Retail and commercial developers are finding that they need to accommodate people who don’t want to go inside. Since early 2020, RioCan has set up designated curbside pickup parking spots in its malls, and retailers have set up systems for motorists to phone or text and have merchandise loaded into their cars.
Even such subtle changes are a major undertaking for a company such as RioCan, which owns 289 properties, most of them retail/commercial, with 44 million square feet of leasable space.
“When the pandemic started, we recognized that our customers, who are our tenants, needed to enable people to shop without coming into stores,” Mr. Gitlin says. “We had to change our parking lot configurations [to] set up spaces for people collecting goods.”
“We’ve learned during COVID that consumers like having some control over the goods they purchase, which they don’t always have when they have something delivered to their homes,” he adds.
“On the other hand, during COVID they didn’t necessarily want to go into stores. We think bringing things to them in their cars is a trend that has legs,” he says. “This is despite noticing that many people began lining up at shops when governments okayed indoor shopping a few weeks ago.”
According to Poughkeepsie, N.Y.-based developer Eric Baxter, COVID-19 did not affect retail and restaurant patterns in the semi-rural region as much as in bigger cities.
“We built a local coffee shop that includes drive-through and in-store pickup and a number of outdoor tables, but these are features that were planned before COVID happened,” Mr. Baxter says.
“These were always part of a long-term trend, but for retail developers, the pandemic may have sped up the timeline a bit. But I haven’t seen a lot of evidence of developers saying that COVID has changed things forever in the way they design buildings,” he adds.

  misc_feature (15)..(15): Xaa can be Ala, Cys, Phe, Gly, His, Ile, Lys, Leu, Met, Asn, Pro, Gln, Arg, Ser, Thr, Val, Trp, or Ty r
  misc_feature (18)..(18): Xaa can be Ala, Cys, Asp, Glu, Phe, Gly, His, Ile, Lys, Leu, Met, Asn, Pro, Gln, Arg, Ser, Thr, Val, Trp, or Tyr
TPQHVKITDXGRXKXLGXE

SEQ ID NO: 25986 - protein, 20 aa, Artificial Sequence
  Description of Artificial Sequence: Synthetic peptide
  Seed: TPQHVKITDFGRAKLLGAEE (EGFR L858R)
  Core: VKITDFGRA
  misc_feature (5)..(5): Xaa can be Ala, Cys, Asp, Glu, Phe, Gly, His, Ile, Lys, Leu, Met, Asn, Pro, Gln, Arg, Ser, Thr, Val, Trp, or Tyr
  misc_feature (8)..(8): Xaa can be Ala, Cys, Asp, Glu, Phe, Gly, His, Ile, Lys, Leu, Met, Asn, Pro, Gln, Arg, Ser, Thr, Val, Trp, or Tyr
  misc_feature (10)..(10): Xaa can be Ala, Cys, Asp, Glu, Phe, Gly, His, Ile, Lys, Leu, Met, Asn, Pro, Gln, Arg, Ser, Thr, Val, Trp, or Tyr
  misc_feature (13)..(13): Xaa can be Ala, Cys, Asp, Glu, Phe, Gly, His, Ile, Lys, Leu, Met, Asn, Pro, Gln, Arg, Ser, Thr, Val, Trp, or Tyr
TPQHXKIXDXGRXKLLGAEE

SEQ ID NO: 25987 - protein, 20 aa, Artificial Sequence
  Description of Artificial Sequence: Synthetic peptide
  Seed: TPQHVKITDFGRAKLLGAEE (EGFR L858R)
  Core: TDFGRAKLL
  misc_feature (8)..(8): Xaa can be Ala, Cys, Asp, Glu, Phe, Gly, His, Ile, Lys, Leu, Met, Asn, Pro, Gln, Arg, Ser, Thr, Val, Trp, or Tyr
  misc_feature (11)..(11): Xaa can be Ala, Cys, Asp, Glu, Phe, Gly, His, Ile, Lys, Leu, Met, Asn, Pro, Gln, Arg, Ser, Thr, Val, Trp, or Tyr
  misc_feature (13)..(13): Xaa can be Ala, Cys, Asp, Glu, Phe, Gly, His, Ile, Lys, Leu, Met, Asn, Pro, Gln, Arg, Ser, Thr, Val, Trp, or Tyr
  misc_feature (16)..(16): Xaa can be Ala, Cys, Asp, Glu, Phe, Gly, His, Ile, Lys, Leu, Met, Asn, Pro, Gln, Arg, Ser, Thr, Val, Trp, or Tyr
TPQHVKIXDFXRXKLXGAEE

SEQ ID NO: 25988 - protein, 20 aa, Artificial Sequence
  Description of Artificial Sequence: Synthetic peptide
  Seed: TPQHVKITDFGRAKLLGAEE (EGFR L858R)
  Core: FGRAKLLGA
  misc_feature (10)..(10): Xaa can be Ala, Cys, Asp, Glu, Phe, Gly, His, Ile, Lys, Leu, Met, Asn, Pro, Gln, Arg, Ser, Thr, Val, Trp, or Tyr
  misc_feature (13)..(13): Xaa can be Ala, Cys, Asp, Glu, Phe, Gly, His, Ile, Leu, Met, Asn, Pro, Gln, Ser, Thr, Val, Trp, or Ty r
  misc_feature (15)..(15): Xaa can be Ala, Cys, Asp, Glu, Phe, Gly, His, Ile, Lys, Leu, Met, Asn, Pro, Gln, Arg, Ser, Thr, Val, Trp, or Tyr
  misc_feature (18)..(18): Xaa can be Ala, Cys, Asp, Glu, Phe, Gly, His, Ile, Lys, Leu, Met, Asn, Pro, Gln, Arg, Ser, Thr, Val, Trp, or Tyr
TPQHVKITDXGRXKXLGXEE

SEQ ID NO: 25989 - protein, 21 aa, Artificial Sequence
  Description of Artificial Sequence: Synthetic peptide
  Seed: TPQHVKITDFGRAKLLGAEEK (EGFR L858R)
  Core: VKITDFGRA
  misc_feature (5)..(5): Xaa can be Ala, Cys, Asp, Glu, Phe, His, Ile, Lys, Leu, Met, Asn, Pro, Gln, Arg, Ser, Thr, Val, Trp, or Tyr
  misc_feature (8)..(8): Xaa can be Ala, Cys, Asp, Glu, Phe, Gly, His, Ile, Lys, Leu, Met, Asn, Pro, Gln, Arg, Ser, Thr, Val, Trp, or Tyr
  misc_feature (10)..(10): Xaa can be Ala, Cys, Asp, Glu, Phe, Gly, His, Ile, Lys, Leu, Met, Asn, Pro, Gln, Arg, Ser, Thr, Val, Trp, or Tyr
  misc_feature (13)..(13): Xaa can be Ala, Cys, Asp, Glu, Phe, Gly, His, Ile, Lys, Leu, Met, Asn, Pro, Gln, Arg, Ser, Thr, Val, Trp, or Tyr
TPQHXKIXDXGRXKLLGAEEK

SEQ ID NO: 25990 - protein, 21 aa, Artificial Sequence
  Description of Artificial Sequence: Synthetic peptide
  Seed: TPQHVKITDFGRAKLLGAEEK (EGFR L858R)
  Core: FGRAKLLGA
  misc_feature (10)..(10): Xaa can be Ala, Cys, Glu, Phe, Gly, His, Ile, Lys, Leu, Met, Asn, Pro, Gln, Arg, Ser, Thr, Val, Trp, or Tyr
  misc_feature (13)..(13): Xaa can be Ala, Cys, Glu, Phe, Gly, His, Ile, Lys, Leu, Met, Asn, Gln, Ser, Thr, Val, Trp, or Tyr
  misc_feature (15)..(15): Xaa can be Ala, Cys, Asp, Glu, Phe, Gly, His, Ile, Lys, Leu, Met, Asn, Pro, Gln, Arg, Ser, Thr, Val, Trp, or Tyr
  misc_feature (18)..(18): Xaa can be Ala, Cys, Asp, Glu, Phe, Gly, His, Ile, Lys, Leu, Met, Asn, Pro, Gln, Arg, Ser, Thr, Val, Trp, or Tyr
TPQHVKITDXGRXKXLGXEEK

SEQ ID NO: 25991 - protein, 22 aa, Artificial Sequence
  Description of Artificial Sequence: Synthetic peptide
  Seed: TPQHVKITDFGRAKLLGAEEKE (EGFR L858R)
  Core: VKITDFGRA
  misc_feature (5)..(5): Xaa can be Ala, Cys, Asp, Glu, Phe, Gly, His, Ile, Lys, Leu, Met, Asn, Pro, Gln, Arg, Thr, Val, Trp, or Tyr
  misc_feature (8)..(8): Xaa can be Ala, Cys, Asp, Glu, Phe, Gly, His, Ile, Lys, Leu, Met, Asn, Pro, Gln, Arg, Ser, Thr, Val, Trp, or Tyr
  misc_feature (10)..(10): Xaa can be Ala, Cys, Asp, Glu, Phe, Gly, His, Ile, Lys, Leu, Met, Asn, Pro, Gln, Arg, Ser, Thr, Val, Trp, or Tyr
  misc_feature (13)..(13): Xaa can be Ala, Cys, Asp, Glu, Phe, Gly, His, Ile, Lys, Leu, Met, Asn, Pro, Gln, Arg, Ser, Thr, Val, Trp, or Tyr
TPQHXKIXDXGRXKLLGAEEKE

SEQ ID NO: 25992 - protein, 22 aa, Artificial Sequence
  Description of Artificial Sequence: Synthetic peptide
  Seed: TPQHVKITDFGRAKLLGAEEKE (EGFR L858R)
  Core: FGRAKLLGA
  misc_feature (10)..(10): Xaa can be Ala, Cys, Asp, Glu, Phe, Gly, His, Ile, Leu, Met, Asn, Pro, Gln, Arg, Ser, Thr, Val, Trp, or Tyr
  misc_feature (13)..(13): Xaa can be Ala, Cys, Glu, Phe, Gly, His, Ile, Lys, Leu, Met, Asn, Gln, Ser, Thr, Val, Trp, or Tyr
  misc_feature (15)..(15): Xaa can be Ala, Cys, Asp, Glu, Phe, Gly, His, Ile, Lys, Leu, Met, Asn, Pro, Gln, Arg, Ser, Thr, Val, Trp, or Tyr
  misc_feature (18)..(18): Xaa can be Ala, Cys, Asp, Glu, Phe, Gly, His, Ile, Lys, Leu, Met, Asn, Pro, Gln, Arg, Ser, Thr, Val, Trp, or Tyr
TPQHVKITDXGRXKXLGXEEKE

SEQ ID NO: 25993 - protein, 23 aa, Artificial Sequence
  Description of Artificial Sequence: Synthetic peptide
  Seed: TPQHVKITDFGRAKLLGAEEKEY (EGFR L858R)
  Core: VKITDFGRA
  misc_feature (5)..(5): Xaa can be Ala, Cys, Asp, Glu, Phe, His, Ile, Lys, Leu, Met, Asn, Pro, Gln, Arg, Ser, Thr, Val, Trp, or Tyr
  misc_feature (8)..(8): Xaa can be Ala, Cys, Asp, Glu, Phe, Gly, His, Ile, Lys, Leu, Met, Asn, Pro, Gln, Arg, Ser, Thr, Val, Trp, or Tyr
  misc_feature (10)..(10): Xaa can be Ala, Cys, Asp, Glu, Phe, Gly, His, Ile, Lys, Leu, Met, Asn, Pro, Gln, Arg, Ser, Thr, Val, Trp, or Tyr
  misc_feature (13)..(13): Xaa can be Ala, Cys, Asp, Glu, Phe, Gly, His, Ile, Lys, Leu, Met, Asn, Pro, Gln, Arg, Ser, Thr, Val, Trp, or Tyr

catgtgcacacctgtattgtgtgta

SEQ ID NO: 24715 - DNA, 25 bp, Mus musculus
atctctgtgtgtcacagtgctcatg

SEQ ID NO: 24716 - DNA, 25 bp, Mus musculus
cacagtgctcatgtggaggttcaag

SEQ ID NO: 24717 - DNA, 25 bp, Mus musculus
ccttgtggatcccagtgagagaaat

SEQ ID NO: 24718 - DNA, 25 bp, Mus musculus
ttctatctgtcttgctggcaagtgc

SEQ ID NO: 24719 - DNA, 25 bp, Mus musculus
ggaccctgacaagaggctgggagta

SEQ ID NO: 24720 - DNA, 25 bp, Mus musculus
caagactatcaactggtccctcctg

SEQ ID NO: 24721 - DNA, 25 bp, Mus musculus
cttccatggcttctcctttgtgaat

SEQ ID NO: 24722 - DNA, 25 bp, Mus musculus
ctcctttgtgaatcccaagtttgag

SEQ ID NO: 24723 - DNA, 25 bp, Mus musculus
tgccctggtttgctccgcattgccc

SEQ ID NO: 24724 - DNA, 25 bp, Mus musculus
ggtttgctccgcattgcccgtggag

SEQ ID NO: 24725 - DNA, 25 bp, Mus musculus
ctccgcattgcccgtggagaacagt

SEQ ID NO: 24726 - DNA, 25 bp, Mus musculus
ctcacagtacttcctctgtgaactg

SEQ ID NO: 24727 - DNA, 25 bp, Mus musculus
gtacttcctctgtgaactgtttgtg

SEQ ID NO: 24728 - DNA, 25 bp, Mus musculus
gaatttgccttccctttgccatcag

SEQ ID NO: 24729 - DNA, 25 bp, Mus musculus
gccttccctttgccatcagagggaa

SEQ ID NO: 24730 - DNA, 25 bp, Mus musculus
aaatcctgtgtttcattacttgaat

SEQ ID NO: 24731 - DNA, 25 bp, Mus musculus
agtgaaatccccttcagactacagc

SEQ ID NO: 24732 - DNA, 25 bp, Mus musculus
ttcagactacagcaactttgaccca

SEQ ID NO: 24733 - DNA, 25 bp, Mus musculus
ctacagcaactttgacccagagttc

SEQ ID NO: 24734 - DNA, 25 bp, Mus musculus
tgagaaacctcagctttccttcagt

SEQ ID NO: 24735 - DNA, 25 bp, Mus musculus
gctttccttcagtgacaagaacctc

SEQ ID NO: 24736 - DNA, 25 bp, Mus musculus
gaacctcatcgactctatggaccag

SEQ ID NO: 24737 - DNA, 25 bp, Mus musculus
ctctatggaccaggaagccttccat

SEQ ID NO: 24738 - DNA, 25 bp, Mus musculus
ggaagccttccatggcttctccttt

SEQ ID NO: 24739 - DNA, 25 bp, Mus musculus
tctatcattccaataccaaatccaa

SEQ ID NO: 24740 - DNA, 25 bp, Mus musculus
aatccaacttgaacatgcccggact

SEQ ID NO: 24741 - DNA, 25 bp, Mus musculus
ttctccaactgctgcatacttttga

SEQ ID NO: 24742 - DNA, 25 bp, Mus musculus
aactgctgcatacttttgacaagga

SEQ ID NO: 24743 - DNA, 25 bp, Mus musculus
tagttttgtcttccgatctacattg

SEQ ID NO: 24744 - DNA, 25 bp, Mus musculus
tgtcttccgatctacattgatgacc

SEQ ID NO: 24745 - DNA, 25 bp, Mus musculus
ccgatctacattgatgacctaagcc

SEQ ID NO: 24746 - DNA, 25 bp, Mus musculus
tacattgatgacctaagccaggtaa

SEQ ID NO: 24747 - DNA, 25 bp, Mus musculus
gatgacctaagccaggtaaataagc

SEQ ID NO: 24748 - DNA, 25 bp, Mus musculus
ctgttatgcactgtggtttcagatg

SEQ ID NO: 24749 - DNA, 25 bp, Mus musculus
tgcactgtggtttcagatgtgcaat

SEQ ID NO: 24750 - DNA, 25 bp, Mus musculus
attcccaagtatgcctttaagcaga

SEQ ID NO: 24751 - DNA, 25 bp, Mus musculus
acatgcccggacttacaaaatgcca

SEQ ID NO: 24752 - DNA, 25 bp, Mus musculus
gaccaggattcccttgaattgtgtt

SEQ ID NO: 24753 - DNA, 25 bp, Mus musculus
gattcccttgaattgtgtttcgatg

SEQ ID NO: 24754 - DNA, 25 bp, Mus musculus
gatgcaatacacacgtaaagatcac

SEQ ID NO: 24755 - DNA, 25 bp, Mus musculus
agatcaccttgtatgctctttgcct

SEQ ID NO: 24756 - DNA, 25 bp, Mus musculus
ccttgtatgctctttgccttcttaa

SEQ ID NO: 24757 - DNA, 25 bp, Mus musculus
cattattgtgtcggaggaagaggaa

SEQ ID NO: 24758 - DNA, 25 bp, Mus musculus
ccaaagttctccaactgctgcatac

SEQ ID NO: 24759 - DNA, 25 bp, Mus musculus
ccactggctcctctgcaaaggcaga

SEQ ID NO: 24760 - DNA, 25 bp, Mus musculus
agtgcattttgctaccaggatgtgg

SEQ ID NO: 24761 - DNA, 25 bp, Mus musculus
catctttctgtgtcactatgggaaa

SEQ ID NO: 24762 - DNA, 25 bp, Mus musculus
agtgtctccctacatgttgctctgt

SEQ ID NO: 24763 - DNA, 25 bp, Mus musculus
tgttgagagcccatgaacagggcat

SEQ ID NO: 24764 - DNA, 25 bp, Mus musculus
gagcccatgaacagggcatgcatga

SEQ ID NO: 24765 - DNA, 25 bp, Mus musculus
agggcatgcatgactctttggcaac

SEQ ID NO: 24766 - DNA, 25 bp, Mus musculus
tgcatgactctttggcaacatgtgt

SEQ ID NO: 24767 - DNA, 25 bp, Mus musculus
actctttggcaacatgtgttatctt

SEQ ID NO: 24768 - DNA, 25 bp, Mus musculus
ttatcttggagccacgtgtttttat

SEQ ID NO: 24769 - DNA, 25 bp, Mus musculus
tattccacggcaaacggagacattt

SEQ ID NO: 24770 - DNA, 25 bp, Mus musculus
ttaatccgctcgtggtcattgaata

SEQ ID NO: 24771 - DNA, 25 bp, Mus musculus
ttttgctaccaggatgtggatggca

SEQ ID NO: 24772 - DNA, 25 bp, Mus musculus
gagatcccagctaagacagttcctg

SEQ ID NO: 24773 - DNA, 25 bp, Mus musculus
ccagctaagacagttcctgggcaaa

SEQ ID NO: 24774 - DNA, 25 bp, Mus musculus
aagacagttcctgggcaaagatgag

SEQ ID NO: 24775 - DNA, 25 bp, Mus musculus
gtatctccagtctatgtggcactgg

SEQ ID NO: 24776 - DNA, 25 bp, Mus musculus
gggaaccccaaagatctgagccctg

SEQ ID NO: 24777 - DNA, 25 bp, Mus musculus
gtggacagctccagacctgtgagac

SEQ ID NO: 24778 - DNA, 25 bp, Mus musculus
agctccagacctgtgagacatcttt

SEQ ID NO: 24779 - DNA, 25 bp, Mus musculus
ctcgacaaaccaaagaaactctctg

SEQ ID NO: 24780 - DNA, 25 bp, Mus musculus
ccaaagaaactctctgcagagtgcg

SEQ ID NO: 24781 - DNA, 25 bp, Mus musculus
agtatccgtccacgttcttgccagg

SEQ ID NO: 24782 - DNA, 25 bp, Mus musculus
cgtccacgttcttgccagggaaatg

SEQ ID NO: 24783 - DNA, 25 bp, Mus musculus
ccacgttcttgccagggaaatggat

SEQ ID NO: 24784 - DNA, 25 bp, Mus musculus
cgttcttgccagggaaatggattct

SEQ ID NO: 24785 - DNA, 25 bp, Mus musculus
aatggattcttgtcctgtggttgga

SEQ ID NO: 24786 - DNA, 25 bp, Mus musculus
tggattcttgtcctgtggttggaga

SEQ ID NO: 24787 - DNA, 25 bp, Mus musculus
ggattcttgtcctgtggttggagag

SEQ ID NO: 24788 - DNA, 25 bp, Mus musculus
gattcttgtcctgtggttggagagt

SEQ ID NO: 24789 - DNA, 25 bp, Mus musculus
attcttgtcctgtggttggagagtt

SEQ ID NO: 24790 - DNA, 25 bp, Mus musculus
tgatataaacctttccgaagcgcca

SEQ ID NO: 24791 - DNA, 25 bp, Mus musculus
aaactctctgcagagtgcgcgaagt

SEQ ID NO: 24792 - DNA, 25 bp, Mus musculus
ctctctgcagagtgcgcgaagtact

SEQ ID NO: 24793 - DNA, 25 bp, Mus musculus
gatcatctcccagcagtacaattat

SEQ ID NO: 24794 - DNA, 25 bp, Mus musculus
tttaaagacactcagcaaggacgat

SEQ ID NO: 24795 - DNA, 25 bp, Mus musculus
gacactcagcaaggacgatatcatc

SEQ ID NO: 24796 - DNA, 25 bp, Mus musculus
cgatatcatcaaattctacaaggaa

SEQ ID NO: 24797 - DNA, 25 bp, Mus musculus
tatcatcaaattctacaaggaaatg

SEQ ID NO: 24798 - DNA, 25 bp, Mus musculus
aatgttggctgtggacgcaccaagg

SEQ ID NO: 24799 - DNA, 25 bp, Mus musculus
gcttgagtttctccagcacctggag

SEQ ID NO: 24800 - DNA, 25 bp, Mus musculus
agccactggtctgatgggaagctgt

At the same time, developers say that they’re anxious to design and build projects that don’t cater to car culture the way earlier malls and food stands did.
“You can drive to ArtWalk, but we also want people to come on the subway, on their bikes and on foot,” Ms. Mail says about the new Vaughan food and movie destination.
“Here, we’re actually seeing zoning that eliminates the allowance for drive-throughs. In the future, people may look at our cities and ask why we configured everything just for cars,” Mr. Baxter says.
Mr. Baxter, Mr. Gitlin and Ms. Mail agree that if there’s any trend, it’s less toward drive-throughs and curbside service and more toward expanding outdoor dining space.
“We’re learning how much people love being outdoors,” Mr. Baxter says.
In fact, Mr. Gitlin says, one lesson the pandemic has taught us is that people like being outside so much that designers are conceiving projects that blur the distinction between being inside and outside the building.
He points to The Well, a mixed-used project under way on King Street West in Toronto. The RioCan/Allied Properties Real Estate Investment Trust development is designed to create a seamlessness between indoors and outdoors.
Whether people walk in, drive up or get served outside, the goal is the same, and it’s one that the pandemic has reinforced, Mr. Gitlin says.
“We want people to come to a place where they feel comfortable and safe.”